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William J. Kraemer, Scott E. Gordon, James M. Lynch, Mariana E.M.V. Pop, and Kristine L. Clark

The purpose of this investigation was to determine the effects of a 3.5-day dietary multibuffer supplement (containing predominantly inorganic phosphate, or Pj, along with bicarbonate and carnosine, i.e., PhosFuel™) on repetitive (four trials separated by 2 min rest) Wingate test (WT) performances and whole blood 2,3-diphosphoglycerate (2,3-DPG) concentrations in 10 recreationally trained road cyclists (T) and 10 normally active but untrained (UT) men. A 2-week washout period was utilized between experimental sessions. Venous blood samples were obtained via cannula once before exercise (baseline), immediately post each WT, and 3 min after the final WT (recovery). The data indicate that this supplement does not affect acid-base status with following intense anaerobic exercise and does not improve repetitive WT performance. However, the supplement does enhance post-exercise levels of 2,3-DPG and the 2,3-DPG/Hb ratio in recreationally trained cyclists while improving acute recovery of peak power in these men.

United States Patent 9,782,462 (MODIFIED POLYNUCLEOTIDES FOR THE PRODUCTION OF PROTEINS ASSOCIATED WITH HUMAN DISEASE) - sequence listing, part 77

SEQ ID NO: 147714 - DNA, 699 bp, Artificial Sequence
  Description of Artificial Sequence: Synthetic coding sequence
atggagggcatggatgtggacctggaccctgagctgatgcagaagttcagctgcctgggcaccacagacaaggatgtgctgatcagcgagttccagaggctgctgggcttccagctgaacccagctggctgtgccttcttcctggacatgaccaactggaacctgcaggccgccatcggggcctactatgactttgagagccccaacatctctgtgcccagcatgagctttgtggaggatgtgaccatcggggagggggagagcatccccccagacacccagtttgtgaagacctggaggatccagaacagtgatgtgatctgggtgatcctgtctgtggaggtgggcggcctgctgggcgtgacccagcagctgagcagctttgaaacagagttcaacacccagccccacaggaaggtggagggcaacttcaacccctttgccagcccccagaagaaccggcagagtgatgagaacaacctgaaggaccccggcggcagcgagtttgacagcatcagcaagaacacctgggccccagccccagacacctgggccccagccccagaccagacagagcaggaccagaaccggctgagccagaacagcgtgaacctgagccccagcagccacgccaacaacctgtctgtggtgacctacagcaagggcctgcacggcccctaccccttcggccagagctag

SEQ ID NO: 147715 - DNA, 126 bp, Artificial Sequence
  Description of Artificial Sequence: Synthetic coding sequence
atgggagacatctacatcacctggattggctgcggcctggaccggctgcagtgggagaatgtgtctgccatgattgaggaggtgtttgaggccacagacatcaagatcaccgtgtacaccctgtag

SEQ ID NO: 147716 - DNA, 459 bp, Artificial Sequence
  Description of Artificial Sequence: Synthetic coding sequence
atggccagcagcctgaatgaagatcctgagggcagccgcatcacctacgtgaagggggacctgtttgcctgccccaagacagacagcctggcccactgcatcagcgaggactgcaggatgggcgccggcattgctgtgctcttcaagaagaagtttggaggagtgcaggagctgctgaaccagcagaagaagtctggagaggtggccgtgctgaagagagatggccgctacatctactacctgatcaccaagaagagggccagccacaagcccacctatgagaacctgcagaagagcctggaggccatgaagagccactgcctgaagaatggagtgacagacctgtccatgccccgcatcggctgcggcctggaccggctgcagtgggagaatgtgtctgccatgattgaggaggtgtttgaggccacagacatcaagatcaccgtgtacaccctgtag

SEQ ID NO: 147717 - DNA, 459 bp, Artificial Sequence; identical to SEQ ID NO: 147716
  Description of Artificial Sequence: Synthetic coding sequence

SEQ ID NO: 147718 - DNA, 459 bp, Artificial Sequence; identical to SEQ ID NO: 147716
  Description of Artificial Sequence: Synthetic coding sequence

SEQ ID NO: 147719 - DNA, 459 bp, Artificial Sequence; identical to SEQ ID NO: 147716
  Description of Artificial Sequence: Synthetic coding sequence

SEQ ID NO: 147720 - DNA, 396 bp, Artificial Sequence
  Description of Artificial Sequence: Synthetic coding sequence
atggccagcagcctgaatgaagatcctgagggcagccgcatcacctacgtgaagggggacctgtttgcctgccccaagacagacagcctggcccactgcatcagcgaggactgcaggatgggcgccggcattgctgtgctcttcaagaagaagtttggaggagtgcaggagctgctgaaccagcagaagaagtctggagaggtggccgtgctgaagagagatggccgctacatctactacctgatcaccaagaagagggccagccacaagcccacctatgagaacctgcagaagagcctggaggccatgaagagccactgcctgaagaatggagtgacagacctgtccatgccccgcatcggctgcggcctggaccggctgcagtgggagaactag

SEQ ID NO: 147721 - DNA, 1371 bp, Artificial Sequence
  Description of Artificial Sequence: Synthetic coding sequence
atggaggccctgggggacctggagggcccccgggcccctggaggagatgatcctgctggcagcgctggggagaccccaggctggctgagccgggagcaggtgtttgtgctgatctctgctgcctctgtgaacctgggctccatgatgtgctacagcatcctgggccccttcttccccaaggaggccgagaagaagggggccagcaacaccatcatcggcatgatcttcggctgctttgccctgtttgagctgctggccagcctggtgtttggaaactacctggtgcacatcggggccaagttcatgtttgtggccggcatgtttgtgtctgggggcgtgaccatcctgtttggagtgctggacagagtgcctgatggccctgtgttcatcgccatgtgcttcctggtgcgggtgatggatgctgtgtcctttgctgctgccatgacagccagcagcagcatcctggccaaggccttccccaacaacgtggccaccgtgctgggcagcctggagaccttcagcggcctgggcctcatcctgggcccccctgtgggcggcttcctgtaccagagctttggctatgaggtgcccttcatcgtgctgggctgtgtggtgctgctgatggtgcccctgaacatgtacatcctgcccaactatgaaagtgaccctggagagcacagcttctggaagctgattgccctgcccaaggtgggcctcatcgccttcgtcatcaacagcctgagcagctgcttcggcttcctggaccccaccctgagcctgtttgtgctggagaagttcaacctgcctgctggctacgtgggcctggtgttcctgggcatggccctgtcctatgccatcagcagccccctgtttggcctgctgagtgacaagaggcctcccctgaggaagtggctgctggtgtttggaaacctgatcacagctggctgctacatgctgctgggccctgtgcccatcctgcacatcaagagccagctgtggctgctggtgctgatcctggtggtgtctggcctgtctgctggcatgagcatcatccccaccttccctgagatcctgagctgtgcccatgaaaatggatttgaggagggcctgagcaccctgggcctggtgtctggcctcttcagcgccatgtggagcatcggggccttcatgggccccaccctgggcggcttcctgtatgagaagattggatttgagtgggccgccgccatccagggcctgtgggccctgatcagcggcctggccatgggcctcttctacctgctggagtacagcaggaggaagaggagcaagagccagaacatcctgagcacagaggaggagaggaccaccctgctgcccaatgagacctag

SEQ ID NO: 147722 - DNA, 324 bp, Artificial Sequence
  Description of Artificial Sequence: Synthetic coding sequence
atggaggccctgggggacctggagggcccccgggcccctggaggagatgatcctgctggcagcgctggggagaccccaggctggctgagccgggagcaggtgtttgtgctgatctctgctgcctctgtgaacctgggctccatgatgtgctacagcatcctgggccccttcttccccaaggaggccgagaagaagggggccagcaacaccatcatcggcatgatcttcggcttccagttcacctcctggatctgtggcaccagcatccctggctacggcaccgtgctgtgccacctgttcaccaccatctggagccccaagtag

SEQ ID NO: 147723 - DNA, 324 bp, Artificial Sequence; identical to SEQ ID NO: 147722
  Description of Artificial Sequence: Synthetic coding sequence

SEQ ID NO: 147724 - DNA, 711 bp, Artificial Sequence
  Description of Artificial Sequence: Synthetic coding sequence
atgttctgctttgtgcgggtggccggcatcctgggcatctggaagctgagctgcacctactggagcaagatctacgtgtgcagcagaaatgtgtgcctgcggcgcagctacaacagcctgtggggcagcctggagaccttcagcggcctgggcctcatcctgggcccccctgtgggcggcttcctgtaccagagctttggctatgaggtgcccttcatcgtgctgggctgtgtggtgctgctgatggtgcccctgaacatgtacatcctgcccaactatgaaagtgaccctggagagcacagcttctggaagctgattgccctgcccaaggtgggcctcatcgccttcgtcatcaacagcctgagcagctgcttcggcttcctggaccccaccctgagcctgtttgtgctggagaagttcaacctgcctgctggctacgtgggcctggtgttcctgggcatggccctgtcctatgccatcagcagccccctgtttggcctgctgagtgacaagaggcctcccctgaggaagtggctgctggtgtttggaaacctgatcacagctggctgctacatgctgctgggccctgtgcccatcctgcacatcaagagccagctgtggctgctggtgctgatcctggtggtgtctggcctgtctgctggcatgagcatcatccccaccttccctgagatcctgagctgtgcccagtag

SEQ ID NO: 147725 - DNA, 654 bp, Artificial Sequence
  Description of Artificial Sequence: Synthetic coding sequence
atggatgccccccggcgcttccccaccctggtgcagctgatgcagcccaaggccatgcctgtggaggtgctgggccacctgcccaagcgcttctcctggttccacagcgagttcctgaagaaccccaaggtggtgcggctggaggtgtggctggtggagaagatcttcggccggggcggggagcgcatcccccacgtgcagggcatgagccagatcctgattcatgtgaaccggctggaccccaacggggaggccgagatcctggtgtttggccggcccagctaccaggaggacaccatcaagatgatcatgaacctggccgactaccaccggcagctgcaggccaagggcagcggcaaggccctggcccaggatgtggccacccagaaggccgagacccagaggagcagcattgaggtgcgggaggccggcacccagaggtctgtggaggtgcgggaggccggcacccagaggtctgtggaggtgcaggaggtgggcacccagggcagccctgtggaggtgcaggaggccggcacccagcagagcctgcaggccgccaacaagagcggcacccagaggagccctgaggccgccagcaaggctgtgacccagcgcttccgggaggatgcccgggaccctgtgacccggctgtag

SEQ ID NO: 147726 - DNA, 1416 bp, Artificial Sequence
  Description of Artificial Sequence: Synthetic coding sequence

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J.C. Siegler, J. Bell-Wilson, C. Mermier, E. Faria, and R.A. Robergs

The purpose of this study was to profile the effect of active versus passive recovery on acid-base kinetics during multiple bouts of intense exercise. Ten males completed two exercise trials. The trials consisted of three exercise bouts to exhaustion with either a 12 min active (20% workload max) or passive recovery between bouts. Blood pH was lower in the passive (p) recovery compared to active (a) throughout the second and third recovery periods [second recovery: 7.18 ± 0.08 to 7.24 ± 0.09 (p), 7.23 ± 0.07 to 7.32 ± 0.07 (a), P < 0.05; third recovery: 7.17 ± 0.08 to 7.22 ± 0.09 (p), 7.23 ± 0.08 to 7.32 ± 0.08 (a), P < 0.05]. Exercise performance times did not differ between recovery conditions (P = 0.28). No difference was found between conditions for recovery kinetics (slope and half-time to recovery). Subsequent performance during multiple bouts of intense exercise to exhaustion may not be influenced by blood acidosis or mode of recovery.